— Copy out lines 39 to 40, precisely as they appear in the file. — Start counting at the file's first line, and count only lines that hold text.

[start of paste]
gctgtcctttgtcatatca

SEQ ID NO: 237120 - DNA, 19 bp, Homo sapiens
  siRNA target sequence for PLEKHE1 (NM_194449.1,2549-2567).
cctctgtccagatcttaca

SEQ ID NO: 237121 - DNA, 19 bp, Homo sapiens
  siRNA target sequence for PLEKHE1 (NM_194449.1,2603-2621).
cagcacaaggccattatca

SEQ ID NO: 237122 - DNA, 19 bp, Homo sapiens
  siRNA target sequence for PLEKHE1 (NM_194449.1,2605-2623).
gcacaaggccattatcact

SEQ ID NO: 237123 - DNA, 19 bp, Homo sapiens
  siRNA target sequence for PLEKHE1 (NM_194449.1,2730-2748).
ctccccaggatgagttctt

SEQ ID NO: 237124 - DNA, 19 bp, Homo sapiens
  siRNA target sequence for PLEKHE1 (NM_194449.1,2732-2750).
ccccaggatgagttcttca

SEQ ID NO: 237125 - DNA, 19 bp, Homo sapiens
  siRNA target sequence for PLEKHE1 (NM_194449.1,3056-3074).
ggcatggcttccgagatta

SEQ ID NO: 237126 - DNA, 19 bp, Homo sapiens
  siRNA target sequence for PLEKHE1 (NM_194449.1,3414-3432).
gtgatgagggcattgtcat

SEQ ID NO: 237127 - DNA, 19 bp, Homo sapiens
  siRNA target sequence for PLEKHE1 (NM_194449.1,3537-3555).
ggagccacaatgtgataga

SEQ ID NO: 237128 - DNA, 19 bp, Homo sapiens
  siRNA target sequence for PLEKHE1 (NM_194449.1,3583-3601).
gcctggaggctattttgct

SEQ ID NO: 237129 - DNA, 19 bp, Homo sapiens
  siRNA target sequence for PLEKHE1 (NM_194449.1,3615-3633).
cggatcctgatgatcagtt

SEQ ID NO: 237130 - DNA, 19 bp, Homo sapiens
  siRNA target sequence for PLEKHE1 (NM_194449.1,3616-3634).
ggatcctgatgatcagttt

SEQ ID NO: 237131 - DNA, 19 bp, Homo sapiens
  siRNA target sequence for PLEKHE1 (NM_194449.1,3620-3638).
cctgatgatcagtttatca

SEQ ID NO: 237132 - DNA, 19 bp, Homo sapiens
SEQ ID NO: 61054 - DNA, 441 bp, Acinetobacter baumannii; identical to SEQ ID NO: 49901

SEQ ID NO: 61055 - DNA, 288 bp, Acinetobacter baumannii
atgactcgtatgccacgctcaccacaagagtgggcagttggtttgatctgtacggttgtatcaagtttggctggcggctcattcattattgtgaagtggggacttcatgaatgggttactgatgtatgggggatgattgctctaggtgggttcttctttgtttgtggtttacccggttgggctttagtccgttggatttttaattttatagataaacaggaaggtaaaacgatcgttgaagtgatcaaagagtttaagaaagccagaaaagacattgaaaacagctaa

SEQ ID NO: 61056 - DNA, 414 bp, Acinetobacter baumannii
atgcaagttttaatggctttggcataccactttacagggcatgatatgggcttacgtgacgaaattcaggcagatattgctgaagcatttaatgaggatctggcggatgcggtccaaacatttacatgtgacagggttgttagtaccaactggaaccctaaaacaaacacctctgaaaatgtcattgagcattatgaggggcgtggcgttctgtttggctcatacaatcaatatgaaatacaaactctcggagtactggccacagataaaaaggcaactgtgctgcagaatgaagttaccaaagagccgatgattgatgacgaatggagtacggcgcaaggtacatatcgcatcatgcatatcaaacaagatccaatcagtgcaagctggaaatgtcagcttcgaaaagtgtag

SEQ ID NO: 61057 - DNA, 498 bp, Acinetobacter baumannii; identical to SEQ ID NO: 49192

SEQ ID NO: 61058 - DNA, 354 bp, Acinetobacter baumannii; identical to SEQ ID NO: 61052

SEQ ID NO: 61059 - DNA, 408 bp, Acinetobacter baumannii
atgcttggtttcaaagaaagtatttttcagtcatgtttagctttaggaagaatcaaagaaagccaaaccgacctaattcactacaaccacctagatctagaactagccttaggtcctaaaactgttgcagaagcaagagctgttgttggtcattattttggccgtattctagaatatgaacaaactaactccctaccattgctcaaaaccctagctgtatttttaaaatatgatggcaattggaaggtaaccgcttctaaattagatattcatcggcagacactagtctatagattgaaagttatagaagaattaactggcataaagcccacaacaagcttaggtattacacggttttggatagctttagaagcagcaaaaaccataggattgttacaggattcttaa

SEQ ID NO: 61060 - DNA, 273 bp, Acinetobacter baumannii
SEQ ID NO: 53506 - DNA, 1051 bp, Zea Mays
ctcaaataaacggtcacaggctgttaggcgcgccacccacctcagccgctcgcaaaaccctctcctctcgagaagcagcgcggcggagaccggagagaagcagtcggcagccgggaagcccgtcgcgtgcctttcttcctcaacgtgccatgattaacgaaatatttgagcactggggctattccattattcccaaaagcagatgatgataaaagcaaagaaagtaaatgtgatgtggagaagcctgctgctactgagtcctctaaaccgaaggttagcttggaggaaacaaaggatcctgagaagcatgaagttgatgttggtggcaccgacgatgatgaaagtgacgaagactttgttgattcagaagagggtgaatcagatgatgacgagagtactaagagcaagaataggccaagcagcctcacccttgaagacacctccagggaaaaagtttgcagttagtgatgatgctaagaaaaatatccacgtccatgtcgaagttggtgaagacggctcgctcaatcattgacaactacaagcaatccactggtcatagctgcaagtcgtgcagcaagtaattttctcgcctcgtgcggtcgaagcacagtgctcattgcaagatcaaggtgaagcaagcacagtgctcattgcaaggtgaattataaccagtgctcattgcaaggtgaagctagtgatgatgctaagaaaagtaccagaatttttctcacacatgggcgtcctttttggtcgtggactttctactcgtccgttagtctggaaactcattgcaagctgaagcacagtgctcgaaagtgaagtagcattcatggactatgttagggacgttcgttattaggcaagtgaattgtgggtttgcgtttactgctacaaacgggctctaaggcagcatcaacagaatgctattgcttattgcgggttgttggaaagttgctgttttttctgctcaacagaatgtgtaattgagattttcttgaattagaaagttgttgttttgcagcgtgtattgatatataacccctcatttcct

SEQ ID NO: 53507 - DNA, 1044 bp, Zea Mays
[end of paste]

SEQ ID NO: 61054 - DNA, 441 bp, Acinetobacter baumannii; identical to SEQ ID NO: 49901

SEQ ID NO: 61055 - DNA, 288 bp, Acinetobacter baumannii